One of the most iconic war heroes of Michigan’s Great Southwest has lost his “long argument” with cancer. John Nelson died on Tuesday of this week at the age of 93. He was instantly recognizable at virtually every Memorial Day Parade and played a significant role in most, if not all, of St. Joseph Today’s quirky Rein Dog Parades over the course of the years.
His obituary says that John loved St. Bernard dogs—more than 60 of them in his lifetime. He had one with him every time he entered the Rein Dog Parade, as well.
John was a retired music educator for Benton Harbor Area public schools for 19 years, and also a professional musician and dedicated environmentalist. He was known to many in the area as a “dog whisperer” for rescued St. Bernard dogs.
His Daughter, Karen McKinney of Muncie, Indiana says, “He loved French horns, pianos, Mozart and marching bands, the Indiana Dunes National Lakeshore and national parks anywhere in the country. He loved teaching music to young students and anything to do with Civil War or World War II. He loved photography, camping, barbed wire and ghost towns of the Old West.”
Karen goes on to say, “If ever there was a word to describe Papa, it was ‘eccentric,’” and adds, “He lived a very colorful and varied life and he was never bored. He exposed us three kids to things many people never get to experience. He taught us to love dogs, appreciate music and cherish nature.”
A native of East Chicago, Indiana, Nelson earned his music performance degrees from Northwestern University. He taught music in public schools in Tennessee and Georgia, and also worked as a commercial photographer in Atlanta in the early 1950s. He was a member of the Chattanooga, Tennessee Symphony, Atlanta Symphony and Atlanta Ballet Orchestras for six years before returning to Indiana in 1955, where he taught elementary and high school bands for 17 years in East Chicago, Cedar Lake, Whiting and Portage school systems.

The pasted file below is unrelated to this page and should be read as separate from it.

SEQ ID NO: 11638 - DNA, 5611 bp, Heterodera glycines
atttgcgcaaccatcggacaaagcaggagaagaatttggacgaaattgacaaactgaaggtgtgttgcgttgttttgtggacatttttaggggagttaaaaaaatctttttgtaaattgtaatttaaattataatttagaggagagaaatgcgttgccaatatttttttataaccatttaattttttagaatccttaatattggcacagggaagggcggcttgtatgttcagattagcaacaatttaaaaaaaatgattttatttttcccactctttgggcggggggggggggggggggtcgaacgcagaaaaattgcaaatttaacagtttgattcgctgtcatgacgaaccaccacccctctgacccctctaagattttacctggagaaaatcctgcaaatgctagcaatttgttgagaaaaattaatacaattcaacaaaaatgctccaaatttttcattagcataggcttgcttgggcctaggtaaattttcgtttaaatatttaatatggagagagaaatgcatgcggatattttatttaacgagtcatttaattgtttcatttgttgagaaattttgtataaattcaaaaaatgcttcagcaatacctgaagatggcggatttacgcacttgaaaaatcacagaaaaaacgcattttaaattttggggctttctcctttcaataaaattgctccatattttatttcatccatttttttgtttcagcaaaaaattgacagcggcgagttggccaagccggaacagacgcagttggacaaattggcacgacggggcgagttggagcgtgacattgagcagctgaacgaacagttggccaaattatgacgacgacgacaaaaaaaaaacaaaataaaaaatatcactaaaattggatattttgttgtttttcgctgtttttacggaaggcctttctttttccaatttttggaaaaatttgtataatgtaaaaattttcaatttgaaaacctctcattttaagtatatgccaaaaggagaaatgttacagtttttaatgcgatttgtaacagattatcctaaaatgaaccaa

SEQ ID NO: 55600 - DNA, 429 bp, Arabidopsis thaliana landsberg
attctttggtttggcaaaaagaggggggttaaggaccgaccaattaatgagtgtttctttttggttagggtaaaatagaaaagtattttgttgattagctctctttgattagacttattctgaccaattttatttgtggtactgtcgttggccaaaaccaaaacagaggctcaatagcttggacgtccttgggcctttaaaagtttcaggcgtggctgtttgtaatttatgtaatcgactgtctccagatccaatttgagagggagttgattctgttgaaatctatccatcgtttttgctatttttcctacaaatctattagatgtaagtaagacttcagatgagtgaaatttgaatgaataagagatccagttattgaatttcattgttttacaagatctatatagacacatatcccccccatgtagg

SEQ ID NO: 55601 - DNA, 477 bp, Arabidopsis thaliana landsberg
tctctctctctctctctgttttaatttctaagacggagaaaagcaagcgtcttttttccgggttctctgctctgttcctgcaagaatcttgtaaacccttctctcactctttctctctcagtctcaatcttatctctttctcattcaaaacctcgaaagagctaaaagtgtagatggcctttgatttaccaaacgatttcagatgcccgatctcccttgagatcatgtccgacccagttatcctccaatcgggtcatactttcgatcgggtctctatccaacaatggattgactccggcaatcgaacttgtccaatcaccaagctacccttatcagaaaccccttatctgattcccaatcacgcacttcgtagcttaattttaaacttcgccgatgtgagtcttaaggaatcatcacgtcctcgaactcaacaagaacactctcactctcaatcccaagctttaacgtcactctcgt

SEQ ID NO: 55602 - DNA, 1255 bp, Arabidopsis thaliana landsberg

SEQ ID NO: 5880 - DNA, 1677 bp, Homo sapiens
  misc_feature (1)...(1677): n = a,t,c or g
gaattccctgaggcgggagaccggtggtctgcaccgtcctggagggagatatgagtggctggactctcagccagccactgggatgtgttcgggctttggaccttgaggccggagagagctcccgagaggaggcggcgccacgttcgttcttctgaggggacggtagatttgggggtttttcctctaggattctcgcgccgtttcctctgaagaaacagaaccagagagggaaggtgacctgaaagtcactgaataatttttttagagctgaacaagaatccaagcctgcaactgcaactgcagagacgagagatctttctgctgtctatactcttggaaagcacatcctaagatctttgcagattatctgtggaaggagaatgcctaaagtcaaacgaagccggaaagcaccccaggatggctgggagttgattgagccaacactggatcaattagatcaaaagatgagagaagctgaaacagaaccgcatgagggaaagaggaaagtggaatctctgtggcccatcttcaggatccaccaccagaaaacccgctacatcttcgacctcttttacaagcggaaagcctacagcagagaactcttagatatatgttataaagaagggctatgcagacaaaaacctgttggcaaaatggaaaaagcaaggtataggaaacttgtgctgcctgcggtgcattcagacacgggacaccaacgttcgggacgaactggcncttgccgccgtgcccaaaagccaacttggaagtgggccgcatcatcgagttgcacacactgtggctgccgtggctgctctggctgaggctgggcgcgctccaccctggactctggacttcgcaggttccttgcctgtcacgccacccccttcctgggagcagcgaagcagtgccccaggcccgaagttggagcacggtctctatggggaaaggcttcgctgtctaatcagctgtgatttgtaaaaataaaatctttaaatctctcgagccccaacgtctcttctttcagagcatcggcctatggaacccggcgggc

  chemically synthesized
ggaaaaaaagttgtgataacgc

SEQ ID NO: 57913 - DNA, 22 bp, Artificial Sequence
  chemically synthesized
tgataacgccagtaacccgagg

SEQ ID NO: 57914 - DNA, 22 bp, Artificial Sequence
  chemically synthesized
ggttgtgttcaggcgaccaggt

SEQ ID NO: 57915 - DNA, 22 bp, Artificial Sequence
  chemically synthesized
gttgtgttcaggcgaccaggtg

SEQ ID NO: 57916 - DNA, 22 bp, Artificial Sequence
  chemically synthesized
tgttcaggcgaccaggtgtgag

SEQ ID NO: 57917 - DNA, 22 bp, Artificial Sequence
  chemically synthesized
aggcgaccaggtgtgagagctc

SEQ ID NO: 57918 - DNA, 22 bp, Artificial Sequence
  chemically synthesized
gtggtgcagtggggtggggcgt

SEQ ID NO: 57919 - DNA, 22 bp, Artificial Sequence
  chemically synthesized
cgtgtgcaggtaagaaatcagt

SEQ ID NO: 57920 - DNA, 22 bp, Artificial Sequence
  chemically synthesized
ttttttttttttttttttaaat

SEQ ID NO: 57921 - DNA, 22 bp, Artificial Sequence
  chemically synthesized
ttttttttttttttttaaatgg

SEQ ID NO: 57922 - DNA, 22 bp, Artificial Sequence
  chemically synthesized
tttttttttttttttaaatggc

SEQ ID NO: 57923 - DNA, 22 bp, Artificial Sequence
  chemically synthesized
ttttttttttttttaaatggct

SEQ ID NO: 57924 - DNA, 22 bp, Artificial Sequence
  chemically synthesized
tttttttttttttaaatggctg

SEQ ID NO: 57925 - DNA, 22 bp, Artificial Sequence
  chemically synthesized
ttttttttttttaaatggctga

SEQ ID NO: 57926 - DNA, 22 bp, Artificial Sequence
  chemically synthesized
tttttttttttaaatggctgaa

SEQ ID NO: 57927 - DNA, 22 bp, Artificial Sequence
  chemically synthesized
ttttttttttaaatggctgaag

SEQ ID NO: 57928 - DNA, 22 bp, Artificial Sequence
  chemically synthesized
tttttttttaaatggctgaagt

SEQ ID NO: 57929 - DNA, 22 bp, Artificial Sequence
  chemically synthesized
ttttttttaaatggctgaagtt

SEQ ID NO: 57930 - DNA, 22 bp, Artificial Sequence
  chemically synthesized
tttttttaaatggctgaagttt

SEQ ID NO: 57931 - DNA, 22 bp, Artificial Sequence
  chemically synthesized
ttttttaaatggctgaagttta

Nelson relocated to Berrien Township in 1973 and taught band and vocal music in the Benton Harbor schools until his retirement in 1992.
His musical career included several decades as principal French horn in the Gary Symphony Orchestra, Chicago Heights Symphony Orchestra, Twin Cities Symphony Orchestra and St. Joseph Community Band. Nelson taught scores of private students, many of whom went on to classical music performance careers on French horn in orchestras across the country.
He was a supporter of the Lest We Forget non-profit organization in Michigan that kept the memories alive of World War II veterans. For decades, he played “Taps” on a vintage bugle at local Memorial Day services and veteran’s funerals, dressing in the uniforms of the veteran’s branch of service.
Nelson was active in the “Save the Dunes Council” efforts to establish the Indiana Dunes National Lakeshore. He also worked several years as a seasonal park ranger in Grand Teton National Park in Jackson Hole, Wyoming, as well as the Dunes Lakeshore, and was thrilled to hear the area was re-designated as a National Park several weeks ago.
Nelson’s large format photographic landscapes of the Indiana Dunes have been published in several books and are part of the permanent archive collection with the U.S. National Park Service.
John is survived by wife, Patrice; former wife, Betty Hatfield of Ogden Dunes, Ind., and their three children, Robin Rayne, Karen McKinney and Allison Levin; three stepchildren, Phillip Hadley, Beth Anne Smith and David Hadley; seven grandchildren; and five great grandchildren.
A celebration of his life will be held July 26, 2019 from 1:00 PM until 4:00 PM, at the Sarett Nature Center, 2300 N. Benton Center Road in Benton Harbor. In lieu of flowers, family members ask that you please make donations to the Humane Society of Southwest Michigan or the animal shelter of your choice. Those wishing to share a memory of John online may do so at www.starks-menchinger.com.
Last Veteran’s Day, an historic 7 by 4-foot bronze plaque commissioned in 1923 by the Algonquin Chapter of the Daughters of the American Revolution in St. Joseph and Benton Harbor originally placed in the Old Berrien County Courthouse to commemorate the lives of the 100 men listed thereon who had given their lives for their country in the war, was placed back in all of its glory in Lake Bluff Park across from the Boulevard Inn at ceremonies marking the 100th Anniversary of the end of WWI, and John Nelson remained standing next to the monument in full uniform throughout the hour-long ceremony, as shown in the photo accompanying this story on Moody on the Market.
He will be missed at many a public ceremony and parade.